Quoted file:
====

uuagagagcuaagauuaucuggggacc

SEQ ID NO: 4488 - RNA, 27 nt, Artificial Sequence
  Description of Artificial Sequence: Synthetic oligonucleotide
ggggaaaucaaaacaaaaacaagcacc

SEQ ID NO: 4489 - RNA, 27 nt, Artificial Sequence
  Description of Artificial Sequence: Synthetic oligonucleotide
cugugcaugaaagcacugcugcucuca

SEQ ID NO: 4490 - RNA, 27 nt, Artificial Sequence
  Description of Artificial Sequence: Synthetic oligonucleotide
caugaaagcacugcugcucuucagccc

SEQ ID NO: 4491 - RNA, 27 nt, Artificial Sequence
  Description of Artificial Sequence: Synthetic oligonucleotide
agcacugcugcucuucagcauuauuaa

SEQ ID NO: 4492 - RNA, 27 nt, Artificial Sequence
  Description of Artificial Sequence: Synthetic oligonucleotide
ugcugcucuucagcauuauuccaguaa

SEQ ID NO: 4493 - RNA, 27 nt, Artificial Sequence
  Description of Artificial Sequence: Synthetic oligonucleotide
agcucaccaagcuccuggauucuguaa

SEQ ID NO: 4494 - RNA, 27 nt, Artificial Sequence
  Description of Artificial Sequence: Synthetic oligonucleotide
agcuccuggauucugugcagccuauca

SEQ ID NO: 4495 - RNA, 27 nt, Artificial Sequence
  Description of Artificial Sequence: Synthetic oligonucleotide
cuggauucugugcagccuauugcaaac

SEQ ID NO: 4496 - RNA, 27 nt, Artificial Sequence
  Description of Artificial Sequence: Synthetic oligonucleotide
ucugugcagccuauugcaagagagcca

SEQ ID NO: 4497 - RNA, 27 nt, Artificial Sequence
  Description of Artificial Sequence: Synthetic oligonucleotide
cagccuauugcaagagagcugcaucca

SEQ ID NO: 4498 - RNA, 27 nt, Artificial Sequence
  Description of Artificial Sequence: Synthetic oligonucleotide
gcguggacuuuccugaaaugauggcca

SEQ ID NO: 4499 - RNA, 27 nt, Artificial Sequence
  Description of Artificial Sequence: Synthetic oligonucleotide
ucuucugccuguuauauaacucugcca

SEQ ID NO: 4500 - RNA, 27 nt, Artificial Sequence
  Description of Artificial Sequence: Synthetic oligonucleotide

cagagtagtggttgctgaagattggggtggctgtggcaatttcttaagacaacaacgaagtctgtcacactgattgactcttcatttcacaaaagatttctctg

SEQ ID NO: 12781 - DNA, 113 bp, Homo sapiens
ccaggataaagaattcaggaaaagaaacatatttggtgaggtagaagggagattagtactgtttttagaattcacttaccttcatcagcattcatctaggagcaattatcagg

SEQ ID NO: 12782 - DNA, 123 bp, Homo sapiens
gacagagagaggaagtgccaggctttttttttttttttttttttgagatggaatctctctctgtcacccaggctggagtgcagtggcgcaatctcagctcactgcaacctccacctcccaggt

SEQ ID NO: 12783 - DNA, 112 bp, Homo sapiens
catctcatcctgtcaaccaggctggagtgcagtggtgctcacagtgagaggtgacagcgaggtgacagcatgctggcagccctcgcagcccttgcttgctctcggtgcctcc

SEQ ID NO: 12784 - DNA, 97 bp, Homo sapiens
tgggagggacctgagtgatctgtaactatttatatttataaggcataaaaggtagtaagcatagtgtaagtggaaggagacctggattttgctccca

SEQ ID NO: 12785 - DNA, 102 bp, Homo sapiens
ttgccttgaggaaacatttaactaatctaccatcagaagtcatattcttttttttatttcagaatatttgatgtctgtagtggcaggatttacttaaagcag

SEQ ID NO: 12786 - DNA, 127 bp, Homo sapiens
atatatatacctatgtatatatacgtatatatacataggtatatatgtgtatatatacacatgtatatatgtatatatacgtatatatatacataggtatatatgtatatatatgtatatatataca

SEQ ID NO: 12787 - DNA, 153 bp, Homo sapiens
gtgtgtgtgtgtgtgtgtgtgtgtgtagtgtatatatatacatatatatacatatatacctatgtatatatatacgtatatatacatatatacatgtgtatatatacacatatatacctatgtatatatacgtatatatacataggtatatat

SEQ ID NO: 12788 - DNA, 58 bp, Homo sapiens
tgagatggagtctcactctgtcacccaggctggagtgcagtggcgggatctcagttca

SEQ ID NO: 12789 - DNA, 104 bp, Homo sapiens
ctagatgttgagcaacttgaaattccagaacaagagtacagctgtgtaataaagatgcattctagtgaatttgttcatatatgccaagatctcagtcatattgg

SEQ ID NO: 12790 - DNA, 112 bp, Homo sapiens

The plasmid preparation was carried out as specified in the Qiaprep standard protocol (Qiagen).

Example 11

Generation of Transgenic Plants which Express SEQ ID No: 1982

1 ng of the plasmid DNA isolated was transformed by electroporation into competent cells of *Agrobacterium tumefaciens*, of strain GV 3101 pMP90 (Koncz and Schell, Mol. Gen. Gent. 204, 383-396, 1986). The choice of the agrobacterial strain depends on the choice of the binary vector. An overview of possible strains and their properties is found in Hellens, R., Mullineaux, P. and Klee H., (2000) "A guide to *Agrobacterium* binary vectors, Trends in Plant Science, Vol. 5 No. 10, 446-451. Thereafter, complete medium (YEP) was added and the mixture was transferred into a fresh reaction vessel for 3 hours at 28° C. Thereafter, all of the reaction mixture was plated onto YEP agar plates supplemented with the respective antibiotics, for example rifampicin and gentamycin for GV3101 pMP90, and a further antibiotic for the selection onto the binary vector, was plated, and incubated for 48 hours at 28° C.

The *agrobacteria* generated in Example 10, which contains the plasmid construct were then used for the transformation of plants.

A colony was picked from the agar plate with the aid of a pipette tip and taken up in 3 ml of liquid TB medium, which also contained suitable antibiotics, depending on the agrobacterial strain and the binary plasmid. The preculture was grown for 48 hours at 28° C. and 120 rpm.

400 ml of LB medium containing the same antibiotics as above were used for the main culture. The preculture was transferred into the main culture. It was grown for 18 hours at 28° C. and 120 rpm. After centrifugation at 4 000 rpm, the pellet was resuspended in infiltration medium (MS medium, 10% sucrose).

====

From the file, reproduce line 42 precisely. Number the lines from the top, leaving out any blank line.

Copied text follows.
ccaggataaagaattcaggaaaagaaacatatttggtgaggtagaagggagattagtactgtttttagaattcacttaccttcatcagcattcatctaggagcaattatcagg